Once again Mr. Jackson has it wrong. Its a sin tax, aka consumption tax on liquor and cigarettes, choose not to purchase alcohol or tobacco products in Cuyahoga County and you don't pay it. The amount of revenue brought into the local economy and sales taxes on purchases at these facilities that are brought into into Cuyahoga County coffers takes a burden off the taxpayers, not just sporting events but also concerts and other events.

JT Adams St

Sports franchises don't benefit local economies
March 29, 2013|By Mark Soskin | Guest columnist

If Orlando throws public funds at a pro soccer stadium, it would be the clearest possible signal that local officials are clueless about economic development.

Let's review the irrefutable evidence, logic and economics that would make this a canary-in-the-coal-mine signal to businesses reconsidering an Orlando location.

First, any serious economic research will find that one of the worst possible uses of public funds is for sports-franchise facilities. "Worst" doesn't mean no return on the investment; it means loss over the long term of the principal. The only benefit is short-term — hundreds of construction jobs — which shouldn't be counted because we'd create those same jobs by using those funds to upgrade Orlando's decaying infrastructure.


Studies have repeatedly shown that almost all the money spent as a result of these facilities was first earned within 50 miles of the facility.

AJ Oliver

Tom's right, but welfare for owners of pro sports teams is just the tip of the ice-berg. Corporate welfare FAR exceeds the cost of the social safety net. And of course, they use blackmail and threats too. "We'll take away your crap-tastic job !!"
And it's gonna get worse - fueled by secret foreign campaign money, thanks to the activist-beyond-belief SCOTUS. Impeach 'em, says I.


It's big, but it doesn't exceed the welfare state. Well over half the federal budget is payments to individuals.


Are you including payments to social security recipients, medicare and Medicaid providers, military and all government employees as part of the "welfare state"?


Yes, in federal budget terminology, Social Security is included in the term payments to individuals, but no, payroll, military or civilian, is not. The other term is entitlements.

And yes, Social Security is part of the welfare state. Look at what people pay in, and what they get back, and it's essentially redistribution of wealth, just over a longer time span.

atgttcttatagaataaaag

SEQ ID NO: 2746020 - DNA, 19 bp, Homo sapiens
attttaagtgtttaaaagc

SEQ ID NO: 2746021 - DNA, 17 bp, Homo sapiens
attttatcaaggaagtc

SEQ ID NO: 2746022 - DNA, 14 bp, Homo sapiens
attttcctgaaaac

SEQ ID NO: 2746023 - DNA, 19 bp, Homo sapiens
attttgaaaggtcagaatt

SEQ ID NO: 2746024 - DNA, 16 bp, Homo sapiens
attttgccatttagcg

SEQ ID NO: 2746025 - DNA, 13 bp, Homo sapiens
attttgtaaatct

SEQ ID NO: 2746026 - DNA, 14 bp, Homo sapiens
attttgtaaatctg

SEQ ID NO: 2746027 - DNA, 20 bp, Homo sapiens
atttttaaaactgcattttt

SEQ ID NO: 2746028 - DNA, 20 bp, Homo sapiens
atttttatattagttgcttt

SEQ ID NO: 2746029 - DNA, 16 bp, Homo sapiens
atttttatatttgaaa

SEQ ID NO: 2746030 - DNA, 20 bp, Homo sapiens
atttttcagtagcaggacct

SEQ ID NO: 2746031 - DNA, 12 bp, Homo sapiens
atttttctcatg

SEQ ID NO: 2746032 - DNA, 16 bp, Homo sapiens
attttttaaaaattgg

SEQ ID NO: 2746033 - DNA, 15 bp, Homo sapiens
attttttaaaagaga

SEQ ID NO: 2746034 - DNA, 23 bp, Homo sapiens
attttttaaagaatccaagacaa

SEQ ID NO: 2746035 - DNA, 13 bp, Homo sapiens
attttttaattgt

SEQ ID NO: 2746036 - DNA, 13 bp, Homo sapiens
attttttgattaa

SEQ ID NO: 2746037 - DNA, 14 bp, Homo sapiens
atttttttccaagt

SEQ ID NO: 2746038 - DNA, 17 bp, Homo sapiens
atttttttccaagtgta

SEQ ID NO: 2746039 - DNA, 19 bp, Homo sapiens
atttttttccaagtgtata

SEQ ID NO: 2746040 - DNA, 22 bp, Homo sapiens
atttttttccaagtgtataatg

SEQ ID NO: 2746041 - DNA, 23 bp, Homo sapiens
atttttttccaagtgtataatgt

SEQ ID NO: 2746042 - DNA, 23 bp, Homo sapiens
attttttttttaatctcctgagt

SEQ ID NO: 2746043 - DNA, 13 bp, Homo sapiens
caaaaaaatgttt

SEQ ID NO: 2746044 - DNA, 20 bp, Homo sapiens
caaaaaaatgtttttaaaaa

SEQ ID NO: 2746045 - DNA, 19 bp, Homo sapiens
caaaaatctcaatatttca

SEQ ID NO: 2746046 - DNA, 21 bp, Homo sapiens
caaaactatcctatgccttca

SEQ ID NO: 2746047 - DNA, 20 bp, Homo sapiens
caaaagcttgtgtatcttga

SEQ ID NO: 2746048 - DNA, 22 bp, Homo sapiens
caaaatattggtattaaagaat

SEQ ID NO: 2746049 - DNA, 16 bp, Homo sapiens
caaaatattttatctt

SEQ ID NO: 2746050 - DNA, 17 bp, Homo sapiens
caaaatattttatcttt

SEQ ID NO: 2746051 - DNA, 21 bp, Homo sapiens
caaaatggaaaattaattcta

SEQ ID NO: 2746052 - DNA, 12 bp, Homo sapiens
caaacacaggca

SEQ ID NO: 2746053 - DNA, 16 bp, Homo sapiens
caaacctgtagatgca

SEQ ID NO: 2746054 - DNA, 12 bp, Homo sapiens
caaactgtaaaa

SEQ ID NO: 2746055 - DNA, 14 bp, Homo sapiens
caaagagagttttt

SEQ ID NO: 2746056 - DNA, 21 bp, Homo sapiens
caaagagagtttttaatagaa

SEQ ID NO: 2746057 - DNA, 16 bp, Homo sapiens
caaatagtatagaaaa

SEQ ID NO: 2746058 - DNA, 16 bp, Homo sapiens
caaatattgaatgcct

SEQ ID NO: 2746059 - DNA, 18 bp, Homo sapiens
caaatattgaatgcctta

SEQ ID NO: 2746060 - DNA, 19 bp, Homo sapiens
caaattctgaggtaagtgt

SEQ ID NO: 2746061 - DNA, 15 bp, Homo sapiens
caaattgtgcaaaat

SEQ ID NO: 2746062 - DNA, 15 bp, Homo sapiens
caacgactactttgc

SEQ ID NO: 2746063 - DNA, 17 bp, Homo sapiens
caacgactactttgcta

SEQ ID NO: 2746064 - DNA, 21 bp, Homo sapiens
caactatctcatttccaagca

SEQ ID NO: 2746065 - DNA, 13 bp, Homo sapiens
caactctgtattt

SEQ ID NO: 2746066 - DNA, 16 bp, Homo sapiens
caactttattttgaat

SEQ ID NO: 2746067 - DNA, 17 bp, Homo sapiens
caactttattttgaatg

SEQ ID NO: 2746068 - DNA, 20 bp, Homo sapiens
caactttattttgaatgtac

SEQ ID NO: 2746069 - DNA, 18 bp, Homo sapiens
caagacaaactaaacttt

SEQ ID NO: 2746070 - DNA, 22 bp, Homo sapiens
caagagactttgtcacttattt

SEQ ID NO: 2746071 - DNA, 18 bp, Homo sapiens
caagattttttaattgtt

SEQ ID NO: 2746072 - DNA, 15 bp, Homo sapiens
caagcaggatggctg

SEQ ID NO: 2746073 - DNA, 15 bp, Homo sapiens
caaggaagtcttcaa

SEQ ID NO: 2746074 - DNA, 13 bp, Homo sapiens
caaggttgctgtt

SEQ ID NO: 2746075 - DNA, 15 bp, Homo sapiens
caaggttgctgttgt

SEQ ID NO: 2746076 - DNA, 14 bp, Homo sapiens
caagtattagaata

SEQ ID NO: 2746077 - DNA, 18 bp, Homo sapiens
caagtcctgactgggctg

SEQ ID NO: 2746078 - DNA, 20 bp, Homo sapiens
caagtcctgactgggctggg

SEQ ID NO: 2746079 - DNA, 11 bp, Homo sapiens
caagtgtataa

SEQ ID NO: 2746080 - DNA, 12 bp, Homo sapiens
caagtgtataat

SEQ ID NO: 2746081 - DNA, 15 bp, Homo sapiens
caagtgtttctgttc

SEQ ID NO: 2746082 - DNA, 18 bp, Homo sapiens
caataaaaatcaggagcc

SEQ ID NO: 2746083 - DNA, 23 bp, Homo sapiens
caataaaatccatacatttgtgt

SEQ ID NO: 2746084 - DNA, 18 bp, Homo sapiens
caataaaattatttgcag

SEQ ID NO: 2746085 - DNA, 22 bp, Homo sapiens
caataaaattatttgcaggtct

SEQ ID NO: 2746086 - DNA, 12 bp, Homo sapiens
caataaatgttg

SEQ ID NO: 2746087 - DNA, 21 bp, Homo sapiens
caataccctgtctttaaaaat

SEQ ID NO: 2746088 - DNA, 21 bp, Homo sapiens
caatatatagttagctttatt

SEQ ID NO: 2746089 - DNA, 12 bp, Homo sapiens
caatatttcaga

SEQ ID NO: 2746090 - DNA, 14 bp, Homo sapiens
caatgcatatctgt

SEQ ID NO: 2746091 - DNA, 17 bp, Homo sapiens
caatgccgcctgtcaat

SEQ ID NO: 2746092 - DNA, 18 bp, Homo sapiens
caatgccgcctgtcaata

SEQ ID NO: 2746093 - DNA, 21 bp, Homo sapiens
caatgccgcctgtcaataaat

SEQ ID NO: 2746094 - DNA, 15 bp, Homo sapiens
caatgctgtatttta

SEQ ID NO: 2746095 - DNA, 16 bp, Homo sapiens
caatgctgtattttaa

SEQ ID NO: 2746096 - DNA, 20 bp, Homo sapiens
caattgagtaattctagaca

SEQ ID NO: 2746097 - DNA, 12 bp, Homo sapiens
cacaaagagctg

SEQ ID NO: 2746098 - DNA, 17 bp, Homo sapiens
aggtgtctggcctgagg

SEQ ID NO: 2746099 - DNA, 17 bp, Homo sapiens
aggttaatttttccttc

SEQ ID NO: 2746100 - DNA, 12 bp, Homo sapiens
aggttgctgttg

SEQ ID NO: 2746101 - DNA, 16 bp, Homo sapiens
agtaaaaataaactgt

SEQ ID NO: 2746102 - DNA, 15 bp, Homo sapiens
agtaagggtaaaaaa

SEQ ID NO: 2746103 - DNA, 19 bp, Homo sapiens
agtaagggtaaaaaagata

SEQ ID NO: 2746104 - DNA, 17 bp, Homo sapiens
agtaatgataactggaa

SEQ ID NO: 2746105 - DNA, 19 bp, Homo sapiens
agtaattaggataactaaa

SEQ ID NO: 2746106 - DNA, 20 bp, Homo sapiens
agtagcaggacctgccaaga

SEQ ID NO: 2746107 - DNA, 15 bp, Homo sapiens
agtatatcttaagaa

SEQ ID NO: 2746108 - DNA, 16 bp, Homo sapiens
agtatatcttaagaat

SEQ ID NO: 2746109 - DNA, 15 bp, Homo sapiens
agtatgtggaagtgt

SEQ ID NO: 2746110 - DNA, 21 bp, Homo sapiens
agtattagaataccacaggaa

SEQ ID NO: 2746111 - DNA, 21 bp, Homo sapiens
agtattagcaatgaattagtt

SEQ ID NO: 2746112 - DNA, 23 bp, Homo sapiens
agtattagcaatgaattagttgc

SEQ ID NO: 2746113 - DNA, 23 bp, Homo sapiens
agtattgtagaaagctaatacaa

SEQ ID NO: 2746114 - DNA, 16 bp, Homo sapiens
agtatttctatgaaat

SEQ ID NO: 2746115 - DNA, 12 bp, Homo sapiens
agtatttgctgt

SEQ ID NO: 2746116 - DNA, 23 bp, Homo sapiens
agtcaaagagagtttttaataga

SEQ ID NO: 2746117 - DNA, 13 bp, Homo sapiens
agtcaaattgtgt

Re: "Corporate welfare"

One of the left's many catch phrases which they use to confuse and obfuscate.

Perhaps you're referring to: Federal tax expenditures?

"Employer-Sponsored Health Insurance:
The Single Largest Tax Subsidy in the Federal Budget"

Why should employees receive an untaxed benefit like health ins., whereas citizens purchasing individual coverage like Obamacare do not?


They should of had a stipulation if it passed you could take your own food and drink in. It worked in Seattle.


AJ you are sooo right. Like your take on crap-tastic job.


Um... you vote in Cuyahoga County?
So much for 'hometown' reporting.
So people who pay for the SR to read your flaps actually may be sending you income tax dollars to Cleveland?
All the people from Sandusky and farther points east who drive to Cleveland sports and pay sin taxes on their smokes and alcohol and....
I learn so much reading you...


Although I was opposed to the sin tax (largely because it was supposed to be temporary, and -- surprise, surprise -- the authorities lied about it), I also don't see this as any form of "corporate welfare."

The problem here is that the team owners, however wealthy they might be, don't actually own the stadiums in Cleveland. They're PUBLICLY owned, which means that the upkeep is publicly OWED.

If the team owners owned the stadiums, they'd get all of the revenue from them, but they'd also be responsible for property taxes, maintenance fees, etc. I don't have a problem with that, either, but asking team owners to pay up when they don't own the place seems to be nothing more or less than another disingenuous way of punishing success.


Re: "asking team owners to pay up when they don't own the place seems to be nothing more or less than another disingenuous way of punishing success."

Rather that the taxpayers are "punished" to help pay for monuments to grandiosity and big egos?